You are already welcoming visitors, guests, and customers regularly on your website, your e-store, your hotel or restaurant, your brick & mortar business – and you see the potentials of getting a firm and foreseeable share of that foreign market business, more consistently. You are considering translating your website, your product pages, signage, brochures and providing customer service in a foreign language or two… Yet which languages and/or which markets should you target first? Where should you start your research on the most profitable foreign market for your business? How should you do it without knowing the language or that particular market or that country?
This article will give you points to consider when making this important decision of where to invest and start your Wanderlust. It’s a groundwork that will be the jump board to the next steps of that journey. And please let me have one request: Do not start with considering only hard numbers and stern facts, but also be guided by your inspiration and simple curiosity of the journey ahead. You aren’t in the planning stage yet, you are allowed to imagine “What if…” And imagine a closer contact with a culture that is foreign now, the various possibilities of traveling overseas, the discovery of a territory full of new potentials never pondered and lived before.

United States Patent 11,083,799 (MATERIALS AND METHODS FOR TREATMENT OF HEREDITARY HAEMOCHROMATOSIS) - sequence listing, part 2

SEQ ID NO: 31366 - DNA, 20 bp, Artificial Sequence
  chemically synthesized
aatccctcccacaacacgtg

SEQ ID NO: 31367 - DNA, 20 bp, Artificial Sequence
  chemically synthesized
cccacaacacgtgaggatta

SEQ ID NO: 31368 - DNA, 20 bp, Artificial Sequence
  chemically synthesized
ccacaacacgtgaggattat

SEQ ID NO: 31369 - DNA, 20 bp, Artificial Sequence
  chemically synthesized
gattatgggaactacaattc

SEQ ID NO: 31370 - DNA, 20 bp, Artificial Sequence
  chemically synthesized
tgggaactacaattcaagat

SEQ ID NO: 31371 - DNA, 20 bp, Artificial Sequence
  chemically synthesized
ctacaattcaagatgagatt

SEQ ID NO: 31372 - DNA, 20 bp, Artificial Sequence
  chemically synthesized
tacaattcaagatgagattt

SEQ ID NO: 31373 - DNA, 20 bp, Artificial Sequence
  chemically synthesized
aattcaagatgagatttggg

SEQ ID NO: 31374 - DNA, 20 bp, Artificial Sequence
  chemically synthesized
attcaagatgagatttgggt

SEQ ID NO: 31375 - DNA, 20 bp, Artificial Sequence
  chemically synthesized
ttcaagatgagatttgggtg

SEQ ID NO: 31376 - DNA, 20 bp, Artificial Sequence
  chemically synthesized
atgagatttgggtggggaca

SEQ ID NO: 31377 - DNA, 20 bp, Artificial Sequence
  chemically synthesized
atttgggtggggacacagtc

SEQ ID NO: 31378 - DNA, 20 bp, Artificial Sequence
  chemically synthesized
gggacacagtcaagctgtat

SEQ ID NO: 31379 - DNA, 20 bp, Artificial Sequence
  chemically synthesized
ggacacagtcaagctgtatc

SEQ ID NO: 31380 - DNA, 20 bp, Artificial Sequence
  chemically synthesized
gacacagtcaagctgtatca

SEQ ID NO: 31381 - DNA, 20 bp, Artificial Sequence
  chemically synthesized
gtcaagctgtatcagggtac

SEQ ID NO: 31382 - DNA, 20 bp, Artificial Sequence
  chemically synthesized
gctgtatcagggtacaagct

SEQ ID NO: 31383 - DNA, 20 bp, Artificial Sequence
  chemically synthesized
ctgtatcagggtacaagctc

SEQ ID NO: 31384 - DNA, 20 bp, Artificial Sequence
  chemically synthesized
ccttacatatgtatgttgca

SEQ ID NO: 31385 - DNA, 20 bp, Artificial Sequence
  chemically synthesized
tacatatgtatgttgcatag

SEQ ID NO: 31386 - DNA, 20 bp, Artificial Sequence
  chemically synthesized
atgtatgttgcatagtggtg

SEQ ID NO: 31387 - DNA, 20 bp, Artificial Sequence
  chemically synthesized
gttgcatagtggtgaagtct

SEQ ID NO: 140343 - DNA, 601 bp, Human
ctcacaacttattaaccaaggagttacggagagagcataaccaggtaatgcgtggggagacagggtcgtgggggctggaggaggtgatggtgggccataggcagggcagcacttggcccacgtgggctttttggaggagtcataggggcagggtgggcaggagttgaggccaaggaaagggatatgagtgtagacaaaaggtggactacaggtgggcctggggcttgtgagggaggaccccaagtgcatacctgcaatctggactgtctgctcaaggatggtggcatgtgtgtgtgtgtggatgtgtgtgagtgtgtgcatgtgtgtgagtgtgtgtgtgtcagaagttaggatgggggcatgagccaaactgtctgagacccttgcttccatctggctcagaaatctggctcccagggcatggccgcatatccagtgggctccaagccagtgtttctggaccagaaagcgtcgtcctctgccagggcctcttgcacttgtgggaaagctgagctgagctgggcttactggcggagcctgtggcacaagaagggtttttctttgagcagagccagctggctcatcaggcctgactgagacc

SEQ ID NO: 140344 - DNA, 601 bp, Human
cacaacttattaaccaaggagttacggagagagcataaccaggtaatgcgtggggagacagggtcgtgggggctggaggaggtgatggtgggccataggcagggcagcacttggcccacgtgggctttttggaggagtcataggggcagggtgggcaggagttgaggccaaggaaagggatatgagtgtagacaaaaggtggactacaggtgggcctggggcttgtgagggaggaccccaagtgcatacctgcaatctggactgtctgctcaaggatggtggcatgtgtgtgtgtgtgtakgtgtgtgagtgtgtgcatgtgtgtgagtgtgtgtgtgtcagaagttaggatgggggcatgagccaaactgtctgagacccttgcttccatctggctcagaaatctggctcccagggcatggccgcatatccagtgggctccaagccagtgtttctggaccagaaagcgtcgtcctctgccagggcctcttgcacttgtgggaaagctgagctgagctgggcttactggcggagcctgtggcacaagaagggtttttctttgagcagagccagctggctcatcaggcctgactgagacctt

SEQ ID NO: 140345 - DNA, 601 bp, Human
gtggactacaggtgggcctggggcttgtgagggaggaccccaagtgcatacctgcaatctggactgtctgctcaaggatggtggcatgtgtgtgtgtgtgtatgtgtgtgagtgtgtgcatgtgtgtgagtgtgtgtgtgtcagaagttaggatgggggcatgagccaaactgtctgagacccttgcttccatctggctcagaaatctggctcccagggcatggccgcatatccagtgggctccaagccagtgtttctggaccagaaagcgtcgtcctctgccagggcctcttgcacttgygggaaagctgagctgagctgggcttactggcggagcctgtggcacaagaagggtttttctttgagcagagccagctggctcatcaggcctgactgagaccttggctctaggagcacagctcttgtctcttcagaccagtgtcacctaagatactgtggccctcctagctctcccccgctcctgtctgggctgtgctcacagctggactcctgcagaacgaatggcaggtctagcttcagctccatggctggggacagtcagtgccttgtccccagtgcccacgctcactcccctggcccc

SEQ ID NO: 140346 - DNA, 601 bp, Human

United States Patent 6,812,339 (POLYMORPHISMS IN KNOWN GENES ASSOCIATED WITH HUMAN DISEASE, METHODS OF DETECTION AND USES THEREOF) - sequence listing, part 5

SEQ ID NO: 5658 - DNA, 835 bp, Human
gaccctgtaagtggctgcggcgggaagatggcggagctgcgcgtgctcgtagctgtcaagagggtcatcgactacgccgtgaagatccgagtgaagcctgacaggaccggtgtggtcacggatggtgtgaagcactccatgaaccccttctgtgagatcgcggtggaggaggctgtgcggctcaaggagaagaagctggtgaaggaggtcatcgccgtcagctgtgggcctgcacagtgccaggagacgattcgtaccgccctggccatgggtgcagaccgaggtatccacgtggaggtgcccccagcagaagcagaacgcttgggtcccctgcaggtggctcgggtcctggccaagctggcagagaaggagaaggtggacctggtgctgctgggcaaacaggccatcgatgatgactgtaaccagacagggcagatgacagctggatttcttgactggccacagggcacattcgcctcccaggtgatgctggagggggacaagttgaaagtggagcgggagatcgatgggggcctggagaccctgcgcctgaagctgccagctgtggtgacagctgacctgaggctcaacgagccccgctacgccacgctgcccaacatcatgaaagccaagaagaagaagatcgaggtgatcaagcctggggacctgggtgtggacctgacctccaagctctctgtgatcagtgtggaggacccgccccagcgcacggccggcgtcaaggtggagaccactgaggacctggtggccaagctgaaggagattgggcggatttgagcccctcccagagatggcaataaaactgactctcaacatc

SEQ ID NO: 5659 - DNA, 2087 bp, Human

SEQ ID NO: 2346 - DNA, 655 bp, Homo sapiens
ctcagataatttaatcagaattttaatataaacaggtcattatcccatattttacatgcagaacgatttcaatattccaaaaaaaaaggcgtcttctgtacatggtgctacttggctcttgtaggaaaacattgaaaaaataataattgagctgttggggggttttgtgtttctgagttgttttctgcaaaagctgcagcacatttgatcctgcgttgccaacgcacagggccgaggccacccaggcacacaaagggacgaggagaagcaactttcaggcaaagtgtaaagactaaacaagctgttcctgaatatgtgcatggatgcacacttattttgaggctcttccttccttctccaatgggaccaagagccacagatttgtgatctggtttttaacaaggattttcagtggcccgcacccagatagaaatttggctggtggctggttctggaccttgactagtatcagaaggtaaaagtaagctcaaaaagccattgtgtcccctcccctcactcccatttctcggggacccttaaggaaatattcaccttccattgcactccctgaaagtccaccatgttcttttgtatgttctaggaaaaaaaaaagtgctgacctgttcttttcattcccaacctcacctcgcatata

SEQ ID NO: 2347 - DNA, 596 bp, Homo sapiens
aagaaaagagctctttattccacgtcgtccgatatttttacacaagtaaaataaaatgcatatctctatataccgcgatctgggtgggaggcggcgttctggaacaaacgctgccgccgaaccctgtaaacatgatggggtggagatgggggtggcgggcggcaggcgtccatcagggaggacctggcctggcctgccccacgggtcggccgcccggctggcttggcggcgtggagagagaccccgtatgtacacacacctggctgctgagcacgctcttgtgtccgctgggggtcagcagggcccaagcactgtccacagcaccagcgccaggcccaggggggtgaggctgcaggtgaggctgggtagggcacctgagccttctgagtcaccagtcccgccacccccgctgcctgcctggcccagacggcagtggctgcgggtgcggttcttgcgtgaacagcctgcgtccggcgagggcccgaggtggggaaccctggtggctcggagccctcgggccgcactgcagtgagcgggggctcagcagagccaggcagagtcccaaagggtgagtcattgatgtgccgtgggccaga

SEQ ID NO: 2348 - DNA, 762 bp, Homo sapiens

As I am a person believing there is great power and impact in using pen and paper, I also created a downloadable worksheet version of this article that you may print out for taking notes on your initial research. Get the Workbook.
1. Mine your business data
Start with your own properties. Analyze your own website’s traffic for country code top-level domains (i.e. .fr for France, .ru for Russia). These are the letters after the dot in any URL or email address, such as www.yoursite.de for a website/a business in Germany. Who is visiting your site from which country more frequently than others? Could there be a reason for that, such as international conventions, seasonal attractions, etc.?
If you have a brick & mortar business and international customers or guests are already on your doorsteps, which nationality are they, which country are they from? Go through your guest or customer database and compile that info.
2. Get the local facts
Is there a specific market or consumer group attracted to your unique location or facility? Germans for example love kayaking, mountain biking, and hiking, they love traveling with RVs and are interested in Native American Culture.
Your local Chamber of Commerce or Visitor and Convention Center have facts and figures about international tourism and businesses in your region. Get those data and compile it.
3. Look at the world
Your website and its translation and adjustment for a local foreign market will most likely be your signage and storefront on the web and for an international audience. Comparing your company’s web traffic patterns, customer and guest data with global internet usage patterns can reveal hints on which market to approach first, in which language(s) to translate your website. Internet usage patterns show the way that the internet is used by the consumer to achieve certain goals.